Guidelines to promote pre-bail reports
By LILLIAN ALUANGA-DELVAUX [email protected]
| November 16th 2013
By LILLIAN ALUANGA-DELVAUX [email protected]
The Probations and Aftercare Service Department is calling for policy guidelines to promote use of pre- bail reports by the courts. A pre-bail report is a social inquiry report written through information generated about the background and community ties of an accused person. The purpose of such a report is to provide as much verified information as possible to the court about the accused that will help make a rational decision on bail terms.
Such a report is used to assess the likelihood of an accused person appearing in court. Although the practice of providing courts with pre bail reports, upon request, was introduced in 2009, the system is still not regulated by law, which means courts use such reports at their discretion. The push for use of pre bail reports comes when courts are raising the red flag over an increase in the number of accused persons jumping bail.
According to a 2011 report titled Pre Trial Detention in Kenya; Balancing the Rights of Criminal Defendants and the Interests of Justice, majority of the public still doesn’t understand how the bail system works. Prof Migai Akech and Dr Sarah Kinyanju authored the report, based on research in 12 stations across the country, including Kakamega, Kisumu, Eldoret, Garissa, Machakos, Nakuru, Nyeri and Mombasa.
It also cites findings of a survey that shows what a significant number of the public think granting an accused person bail is ‘a great injustice’. Of those surveyed, 42 per cent did not know what bail was.
Among those that understood, 12 per cent thought it was money paid for an accused person to be released, five per cent believed it was money paid for a case to be withdrawn, while one per cent thought it was a bribe.
A magistrate in Nakuru exemplifies the dilemma courts sometimes face since the public views granting bail as collusion between the courts and police to free suspects. “How do you tell someone who witnessed a crime being committed that the accused person is (presumed to be) innocent?” he poses.
In Garissa, on the other hand, some of the accused persons confuse cash bail with fines, and assume that payment of cash bail marks the conclusion of a matter. Several factors are considered when preparing a pre bail report, including whether an accused person will appear in court. This may be linked to a person’s background and community ties, including any previous failures to appear in court or whether he has a fixed abode, and relatives that can trace him if he disappears. An accused person’s economic means, circumstances under which an offence was committed, including its seriousness and severity of probable penalty, the community’s attitude towards the offence, and whether possible release of an accused poses any danger to the community or victim, are also factored. Capital offences like murder and robbery with violence — that are punishable by death — however, present a unique challenge because such penalties are viewed as ‘incentives’ that can push one to abscond if granted bail.
On the other hand, ‘minor offences’ for which bail should ordinarily be granted, such as creating a disturbance, threatening violence and causing a breach of peace, could sometimes escalate, forcing a court to deny bail.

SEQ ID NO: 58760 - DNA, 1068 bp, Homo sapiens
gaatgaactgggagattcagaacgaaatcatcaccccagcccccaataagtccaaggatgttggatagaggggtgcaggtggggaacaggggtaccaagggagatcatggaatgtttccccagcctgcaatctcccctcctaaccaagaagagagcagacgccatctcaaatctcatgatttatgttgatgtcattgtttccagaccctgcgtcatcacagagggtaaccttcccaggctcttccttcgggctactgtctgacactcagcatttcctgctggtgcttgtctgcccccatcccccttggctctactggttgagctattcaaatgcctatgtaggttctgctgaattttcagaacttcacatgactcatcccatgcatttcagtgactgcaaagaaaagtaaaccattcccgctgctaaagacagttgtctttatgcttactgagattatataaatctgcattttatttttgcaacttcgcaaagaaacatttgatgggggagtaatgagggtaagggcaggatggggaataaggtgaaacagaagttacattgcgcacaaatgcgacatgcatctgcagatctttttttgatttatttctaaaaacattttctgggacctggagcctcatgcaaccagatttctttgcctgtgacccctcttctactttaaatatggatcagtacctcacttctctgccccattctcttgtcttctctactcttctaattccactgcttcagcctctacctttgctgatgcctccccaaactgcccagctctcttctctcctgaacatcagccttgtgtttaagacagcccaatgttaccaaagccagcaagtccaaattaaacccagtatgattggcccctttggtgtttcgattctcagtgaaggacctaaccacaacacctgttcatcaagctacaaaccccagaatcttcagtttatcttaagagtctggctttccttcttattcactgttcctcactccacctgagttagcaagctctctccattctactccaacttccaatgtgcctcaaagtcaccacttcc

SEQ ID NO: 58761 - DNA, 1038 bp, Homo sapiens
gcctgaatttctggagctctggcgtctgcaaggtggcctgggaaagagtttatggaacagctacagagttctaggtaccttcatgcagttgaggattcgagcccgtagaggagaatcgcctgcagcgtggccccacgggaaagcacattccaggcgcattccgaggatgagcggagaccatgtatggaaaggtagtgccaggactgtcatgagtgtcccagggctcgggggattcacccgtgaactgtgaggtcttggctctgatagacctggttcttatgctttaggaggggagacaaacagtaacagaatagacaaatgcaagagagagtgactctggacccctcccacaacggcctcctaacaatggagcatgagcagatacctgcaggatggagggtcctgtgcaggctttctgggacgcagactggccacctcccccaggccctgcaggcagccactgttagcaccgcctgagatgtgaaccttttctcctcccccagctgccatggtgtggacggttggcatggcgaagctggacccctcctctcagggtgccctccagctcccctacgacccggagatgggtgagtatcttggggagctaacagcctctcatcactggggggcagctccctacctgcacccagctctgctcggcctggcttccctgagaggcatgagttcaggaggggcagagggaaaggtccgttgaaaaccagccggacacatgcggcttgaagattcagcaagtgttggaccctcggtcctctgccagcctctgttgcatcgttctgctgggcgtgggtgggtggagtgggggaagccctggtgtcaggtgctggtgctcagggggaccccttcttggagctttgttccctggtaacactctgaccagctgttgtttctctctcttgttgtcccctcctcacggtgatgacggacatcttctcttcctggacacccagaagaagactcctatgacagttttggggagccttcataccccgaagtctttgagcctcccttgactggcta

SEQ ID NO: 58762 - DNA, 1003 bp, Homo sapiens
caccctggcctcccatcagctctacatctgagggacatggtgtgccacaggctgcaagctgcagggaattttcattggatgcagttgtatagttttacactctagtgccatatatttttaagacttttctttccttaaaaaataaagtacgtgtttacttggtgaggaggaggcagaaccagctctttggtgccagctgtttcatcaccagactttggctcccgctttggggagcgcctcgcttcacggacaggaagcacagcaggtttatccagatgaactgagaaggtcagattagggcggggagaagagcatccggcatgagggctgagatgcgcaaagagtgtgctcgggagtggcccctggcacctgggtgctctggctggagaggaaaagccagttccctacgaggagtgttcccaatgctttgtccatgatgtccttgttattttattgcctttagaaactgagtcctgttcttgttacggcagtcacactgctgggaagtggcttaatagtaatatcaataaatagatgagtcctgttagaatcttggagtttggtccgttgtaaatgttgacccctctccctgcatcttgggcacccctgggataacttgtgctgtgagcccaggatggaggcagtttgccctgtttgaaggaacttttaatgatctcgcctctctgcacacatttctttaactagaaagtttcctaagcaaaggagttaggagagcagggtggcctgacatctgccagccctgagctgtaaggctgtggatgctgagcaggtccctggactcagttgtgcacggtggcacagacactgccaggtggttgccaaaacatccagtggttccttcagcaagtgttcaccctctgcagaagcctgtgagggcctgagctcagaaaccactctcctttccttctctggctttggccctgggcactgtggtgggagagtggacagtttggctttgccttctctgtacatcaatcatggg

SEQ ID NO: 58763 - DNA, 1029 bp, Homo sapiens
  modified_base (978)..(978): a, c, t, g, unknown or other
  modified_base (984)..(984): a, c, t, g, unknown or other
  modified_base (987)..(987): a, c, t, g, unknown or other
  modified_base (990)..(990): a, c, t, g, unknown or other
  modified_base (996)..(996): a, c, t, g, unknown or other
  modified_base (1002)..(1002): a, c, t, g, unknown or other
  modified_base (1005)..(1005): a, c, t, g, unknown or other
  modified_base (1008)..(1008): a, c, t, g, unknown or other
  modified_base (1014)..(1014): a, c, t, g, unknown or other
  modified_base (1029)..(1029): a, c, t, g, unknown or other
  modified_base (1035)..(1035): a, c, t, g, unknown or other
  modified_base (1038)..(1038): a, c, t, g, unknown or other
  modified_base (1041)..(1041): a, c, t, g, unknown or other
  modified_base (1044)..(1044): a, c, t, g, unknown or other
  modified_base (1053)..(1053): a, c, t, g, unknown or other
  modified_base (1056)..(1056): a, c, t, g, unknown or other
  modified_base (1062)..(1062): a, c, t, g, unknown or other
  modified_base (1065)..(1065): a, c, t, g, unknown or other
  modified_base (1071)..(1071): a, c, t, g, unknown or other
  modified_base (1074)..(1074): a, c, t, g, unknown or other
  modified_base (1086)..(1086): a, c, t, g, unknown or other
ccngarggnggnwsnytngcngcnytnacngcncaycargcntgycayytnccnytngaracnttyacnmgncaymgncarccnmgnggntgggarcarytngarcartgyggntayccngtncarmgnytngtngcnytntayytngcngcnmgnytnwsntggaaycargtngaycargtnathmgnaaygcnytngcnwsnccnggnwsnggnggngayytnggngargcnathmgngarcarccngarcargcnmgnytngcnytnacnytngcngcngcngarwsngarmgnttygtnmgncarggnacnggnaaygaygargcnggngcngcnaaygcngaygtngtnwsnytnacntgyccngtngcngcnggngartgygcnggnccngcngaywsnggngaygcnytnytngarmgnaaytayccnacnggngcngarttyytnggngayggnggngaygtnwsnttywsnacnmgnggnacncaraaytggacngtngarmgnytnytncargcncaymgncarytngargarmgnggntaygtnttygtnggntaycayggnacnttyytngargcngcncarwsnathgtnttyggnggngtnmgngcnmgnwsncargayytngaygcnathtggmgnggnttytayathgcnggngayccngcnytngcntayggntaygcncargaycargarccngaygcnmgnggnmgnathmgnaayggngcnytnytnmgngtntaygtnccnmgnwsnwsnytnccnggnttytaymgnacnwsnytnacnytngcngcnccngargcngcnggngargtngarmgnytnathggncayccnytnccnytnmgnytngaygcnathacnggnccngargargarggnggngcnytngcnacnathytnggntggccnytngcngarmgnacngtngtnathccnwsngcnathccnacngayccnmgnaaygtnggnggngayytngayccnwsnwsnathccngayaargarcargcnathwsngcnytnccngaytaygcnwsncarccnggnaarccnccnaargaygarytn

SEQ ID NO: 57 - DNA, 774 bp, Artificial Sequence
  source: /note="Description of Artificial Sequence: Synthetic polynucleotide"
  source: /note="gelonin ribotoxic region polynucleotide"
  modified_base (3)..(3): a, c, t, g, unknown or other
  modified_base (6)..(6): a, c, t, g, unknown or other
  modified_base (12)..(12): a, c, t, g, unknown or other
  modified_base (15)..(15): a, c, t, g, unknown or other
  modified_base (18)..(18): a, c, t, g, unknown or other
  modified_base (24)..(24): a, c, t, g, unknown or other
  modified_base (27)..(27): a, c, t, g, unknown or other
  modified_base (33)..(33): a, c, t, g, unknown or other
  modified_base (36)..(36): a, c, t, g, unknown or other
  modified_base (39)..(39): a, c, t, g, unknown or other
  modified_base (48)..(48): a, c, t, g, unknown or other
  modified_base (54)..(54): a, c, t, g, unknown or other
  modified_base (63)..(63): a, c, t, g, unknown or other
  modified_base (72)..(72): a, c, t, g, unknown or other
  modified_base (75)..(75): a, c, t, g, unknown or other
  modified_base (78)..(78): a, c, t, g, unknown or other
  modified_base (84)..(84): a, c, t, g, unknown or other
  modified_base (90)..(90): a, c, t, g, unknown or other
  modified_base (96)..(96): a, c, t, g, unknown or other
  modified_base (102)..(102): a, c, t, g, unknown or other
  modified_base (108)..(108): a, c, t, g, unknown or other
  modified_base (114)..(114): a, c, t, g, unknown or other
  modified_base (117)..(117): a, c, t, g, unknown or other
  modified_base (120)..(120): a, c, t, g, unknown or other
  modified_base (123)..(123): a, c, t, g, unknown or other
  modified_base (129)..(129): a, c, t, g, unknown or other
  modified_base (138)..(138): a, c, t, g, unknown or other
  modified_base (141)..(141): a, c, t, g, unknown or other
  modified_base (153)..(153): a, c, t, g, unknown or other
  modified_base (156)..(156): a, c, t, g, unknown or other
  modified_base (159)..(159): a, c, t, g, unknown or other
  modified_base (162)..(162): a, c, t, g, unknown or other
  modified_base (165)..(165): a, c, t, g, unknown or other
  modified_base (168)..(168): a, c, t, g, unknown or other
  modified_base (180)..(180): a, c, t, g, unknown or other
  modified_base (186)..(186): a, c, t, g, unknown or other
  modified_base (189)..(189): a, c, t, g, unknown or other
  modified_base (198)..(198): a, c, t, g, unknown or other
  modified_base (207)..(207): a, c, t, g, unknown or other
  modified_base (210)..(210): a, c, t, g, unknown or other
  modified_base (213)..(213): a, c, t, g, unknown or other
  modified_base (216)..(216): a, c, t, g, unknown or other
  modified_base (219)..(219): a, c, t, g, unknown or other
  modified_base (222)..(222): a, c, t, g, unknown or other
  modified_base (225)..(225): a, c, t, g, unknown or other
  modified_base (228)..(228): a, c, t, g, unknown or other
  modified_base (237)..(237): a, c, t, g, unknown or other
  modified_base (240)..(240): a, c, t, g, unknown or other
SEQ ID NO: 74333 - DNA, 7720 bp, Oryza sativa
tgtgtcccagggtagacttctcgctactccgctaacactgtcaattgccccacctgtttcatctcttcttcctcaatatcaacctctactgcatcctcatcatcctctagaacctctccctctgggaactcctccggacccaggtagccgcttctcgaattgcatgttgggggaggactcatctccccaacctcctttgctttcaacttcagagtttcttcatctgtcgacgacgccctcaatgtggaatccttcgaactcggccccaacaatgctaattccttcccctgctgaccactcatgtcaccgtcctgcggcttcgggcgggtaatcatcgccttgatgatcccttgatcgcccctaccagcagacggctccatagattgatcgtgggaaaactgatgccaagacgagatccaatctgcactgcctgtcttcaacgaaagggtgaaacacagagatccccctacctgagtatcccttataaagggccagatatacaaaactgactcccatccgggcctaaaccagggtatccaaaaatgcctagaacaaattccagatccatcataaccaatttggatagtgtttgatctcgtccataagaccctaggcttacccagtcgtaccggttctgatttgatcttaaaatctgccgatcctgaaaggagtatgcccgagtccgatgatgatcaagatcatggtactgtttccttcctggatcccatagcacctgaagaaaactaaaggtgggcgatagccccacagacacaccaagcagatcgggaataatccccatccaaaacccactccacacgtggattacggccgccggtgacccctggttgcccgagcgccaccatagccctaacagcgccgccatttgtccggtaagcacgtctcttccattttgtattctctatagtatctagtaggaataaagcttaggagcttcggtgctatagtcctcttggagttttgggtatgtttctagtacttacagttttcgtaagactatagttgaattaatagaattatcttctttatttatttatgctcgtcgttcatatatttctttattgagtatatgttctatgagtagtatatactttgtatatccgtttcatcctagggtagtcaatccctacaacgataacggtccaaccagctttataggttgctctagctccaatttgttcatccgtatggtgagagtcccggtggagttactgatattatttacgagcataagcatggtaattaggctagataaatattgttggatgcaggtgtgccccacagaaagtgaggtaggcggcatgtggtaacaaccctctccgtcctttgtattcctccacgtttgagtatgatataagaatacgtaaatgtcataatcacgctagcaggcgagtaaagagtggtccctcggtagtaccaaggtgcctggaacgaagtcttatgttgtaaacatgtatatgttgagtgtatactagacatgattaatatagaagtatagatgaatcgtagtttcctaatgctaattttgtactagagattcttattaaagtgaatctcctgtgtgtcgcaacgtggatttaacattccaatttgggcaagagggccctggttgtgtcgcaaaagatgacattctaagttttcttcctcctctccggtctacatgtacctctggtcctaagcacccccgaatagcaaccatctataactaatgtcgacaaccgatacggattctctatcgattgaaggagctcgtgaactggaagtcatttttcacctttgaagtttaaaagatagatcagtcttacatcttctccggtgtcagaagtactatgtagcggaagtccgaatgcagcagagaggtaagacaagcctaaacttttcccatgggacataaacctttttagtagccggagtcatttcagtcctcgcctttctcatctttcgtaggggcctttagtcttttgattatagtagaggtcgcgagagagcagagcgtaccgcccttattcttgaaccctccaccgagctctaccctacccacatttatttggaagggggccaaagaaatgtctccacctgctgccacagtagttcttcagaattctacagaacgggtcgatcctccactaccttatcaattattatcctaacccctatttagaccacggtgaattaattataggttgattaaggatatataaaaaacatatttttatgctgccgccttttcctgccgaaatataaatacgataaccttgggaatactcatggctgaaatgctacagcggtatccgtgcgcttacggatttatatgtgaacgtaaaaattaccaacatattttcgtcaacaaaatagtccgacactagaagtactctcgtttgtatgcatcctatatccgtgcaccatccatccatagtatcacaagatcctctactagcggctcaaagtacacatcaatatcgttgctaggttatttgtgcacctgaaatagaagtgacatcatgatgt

Consider a case in Nakuru where someone charged with causing a disturbance- a ‘minor offence’ — was denied bail. In this case the complainant was the parent of the accused who alleged the suspect had committed the offence repeatedly. The accused in this case was denied bail because he posed a danger to the community. In Embu, an accused person denied bail by the lower courts successfully appealed the decision at the High Court. He was shot dead two weeks later. In Places like Kisii, where land conflicts abound, an accused person facing an assault charge was granted bail by the magistrate’s court. The next time he appeared in court he was charged with murder, after he allegedly killed the person he had assaulted.
There are also instances where pre bail reports have recommended denial of bail. Examples are given of a 45-year-old man in Embu who had allegedly been repeatedly raping his 80-year-old mother, and another 60-year-old man nicknamed ‘eagle’, having earned the dubious reputation of defiling girls.
In both cases probation officers proposed a denial of bail.
A potential drawback of pre bail reports, however, is that they can be prejudicial to the accused person, for instance where the community deems one ‘unreliable’. There are also other challenges occasioned by the increasingly influential role played by probation officers. This has seen some accused persons and their relatives offering bribes to influence contents of bail reports.
Besides budgetary constraints and shortage of personnel in the probations department, getting information on an accused person, especially in big cities and towns may be difficult. Questions have also been raised on a lack of uniformity in bail terms imposed for similar offences in different courts across the country. Some courts, for instance, are said to have imposed conditions on themselves, and will only accept certain documents as security.
This leaves the public at a loss when comparing practices in different stations across the country, making it difficult to know what to expect when one appears in court.
Such cases have elicited calls for standardisation of bail practices, with proposals to establish a schedule indicating amounts or ranges payable for certain offences, while factoring in unique circumstances in different parts of the country.
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